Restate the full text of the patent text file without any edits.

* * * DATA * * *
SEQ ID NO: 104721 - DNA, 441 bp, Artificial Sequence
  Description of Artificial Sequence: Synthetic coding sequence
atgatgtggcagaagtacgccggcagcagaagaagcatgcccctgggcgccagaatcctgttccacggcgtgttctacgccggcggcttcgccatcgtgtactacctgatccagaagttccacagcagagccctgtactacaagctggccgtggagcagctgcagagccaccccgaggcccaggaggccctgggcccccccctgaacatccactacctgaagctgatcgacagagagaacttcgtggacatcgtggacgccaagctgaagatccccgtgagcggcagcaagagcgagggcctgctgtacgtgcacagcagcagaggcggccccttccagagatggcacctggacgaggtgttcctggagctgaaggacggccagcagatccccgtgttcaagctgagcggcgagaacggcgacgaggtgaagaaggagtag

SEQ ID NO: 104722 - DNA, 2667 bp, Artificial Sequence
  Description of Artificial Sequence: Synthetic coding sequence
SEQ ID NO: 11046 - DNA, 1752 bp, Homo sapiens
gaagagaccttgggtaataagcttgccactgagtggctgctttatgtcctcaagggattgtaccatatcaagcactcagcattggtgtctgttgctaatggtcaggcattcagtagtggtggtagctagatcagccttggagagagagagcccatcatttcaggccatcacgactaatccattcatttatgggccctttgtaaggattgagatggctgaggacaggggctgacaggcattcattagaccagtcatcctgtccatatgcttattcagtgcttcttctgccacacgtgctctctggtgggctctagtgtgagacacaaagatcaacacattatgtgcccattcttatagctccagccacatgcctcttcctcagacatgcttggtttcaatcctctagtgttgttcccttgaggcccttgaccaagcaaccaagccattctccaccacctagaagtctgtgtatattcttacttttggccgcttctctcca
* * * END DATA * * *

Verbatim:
SEQ ID NO: 104721 - DNA, 441 bp, Artificial Sequence
  Description of Artificial Sequence: Synthetic coding sequence
atgatgtggcagaagtacgccggcagcagaagaagcatgcccctgggcgccagaatcctgttccacggcgtgttctacgccggcggcttcgccatcgtgtactacctgatccagaagttccacagcagagccctgtactacaagctggccgtggagcagctgcagagccaccccgaggcccaggaggccctgggcccccccctgaacatccactacctgaagctgatcgacagagagaacttcgtggacatcgtggacgccaagctgaagatccccgtgagcggcagcaagagcgagggcctgctgtacgtgcacagcagcagaggcggccccttccagagatggcacctggacgaggtgttcctggagctgaaggacggccagcagatccccgtgttcaagctgagcggcgagaacggcgacgaggtgaagaaggagtag

SEQ ID NO: 104722 - DNA, 2667 bp, Artificial Sequence
  Description of Artificial Sequence: Synthetic coding sequence
SEQ ID NO: 11046 - DNA, 1752 bp, Homo sapiens
gaagagaccttgggtaataagcttgccactgagtggctgctttatgtcctcaagggattgtaccatatcaagcactcagcattggtgtctgttgctaatggtcaggcattcagtagtggtggtagctagatcagccttggagagagagagcccatcatttcaggccatcacgactaatccattcatttatgggccctttgtaaggattgagatggctgaggacaggggctgacaggcattcattagaccagtcatcctgtccatatgcttattcagtgcttcttctgccacacgtgctctctggtgggctctagtgtgagacacaaagatcaacacattatgtgcccattcttatagctccagccacatgcctcttcctcagacatgcttggtttcaatcctctagtgttgttcccttgaggcccttgaccaagcaaccaagccattctccaccacctagaagtctgtgtatattcttacttttggccgcttctctcca